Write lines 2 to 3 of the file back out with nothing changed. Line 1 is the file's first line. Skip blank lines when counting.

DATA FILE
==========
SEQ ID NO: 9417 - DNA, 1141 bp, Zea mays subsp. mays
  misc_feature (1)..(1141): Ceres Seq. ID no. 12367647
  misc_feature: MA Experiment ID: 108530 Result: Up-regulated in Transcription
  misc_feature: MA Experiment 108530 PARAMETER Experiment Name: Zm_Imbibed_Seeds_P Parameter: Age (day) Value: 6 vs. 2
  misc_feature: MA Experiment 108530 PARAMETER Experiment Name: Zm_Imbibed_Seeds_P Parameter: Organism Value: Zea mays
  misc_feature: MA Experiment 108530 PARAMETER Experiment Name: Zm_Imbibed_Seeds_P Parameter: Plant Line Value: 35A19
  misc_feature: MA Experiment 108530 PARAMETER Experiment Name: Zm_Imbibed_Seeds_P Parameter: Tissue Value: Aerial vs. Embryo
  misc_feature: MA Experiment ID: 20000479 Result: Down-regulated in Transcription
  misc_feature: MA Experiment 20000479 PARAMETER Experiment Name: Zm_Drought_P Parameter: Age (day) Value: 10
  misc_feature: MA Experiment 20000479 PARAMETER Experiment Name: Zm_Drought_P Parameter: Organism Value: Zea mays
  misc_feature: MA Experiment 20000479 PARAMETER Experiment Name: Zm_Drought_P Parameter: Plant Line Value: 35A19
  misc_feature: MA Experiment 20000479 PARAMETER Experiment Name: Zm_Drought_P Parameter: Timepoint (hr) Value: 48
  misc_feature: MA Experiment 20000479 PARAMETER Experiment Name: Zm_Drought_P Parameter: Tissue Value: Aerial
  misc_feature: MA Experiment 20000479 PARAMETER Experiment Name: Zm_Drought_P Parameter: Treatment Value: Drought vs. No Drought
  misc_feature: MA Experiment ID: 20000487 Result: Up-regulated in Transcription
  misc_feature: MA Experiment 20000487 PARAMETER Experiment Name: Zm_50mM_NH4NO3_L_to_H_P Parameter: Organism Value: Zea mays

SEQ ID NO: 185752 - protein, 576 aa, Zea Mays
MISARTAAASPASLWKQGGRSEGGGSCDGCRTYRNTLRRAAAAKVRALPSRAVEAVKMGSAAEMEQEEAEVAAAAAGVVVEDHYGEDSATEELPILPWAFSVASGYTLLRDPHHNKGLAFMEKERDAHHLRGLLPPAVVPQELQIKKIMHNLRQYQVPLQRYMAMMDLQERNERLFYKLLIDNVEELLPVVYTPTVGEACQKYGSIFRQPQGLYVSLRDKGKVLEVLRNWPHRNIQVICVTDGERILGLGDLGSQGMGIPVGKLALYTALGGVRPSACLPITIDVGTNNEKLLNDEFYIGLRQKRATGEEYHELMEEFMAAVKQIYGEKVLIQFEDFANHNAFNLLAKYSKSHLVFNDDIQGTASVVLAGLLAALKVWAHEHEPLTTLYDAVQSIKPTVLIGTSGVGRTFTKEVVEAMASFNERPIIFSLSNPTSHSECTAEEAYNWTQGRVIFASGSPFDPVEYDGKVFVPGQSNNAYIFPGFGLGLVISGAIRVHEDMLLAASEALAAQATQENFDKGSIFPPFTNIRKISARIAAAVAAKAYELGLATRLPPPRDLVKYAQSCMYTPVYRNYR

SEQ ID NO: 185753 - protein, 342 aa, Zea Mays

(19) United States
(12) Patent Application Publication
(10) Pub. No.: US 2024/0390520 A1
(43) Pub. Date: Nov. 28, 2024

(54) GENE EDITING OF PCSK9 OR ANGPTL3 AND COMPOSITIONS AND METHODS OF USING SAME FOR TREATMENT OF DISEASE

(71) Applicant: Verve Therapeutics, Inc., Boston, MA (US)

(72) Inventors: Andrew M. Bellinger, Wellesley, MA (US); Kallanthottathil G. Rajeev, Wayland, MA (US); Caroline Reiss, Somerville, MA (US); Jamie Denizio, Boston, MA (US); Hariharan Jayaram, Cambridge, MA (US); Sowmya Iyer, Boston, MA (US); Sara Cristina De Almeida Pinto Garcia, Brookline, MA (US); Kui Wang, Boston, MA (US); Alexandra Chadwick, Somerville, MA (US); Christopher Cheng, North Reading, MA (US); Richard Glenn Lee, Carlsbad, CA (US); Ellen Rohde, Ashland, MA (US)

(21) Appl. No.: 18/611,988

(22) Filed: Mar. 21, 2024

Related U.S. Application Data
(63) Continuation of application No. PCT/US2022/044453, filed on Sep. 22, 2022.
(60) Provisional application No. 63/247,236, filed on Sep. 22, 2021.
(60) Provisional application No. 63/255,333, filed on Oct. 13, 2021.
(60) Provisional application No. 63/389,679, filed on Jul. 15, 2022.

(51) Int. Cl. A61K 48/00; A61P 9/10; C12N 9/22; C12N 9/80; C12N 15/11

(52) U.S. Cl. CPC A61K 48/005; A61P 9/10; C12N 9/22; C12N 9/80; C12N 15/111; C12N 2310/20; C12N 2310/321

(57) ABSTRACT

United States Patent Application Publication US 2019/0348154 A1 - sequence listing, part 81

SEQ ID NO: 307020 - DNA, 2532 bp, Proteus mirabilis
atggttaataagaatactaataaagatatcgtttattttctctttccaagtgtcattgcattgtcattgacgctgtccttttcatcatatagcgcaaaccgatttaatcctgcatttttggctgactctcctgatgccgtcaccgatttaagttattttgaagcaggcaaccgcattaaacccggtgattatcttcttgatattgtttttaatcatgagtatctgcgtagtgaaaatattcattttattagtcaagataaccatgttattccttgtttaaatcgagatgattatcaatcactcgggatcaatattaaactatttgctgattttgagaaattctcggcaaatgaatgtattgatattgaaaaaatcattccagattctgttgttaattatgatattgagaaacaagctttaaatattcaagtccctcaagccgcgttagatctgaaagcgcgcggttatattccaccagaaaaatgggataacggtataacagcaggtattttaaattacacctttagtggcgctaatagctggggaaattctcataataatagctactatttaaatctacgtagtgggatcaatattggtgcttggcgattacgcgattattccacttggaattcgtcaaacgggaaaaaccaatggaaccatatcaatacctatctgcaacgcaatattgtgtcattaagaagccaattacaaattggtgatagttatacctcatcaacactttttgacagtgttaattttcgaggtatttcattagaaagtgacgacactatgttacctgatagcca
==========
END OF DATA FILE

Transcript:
  misc_feature (1)..(1141): Ceres Seq. ID no. 12367647
  misc_feature: MA Experiment ID: 108530 Result: Up-regulated in Transcription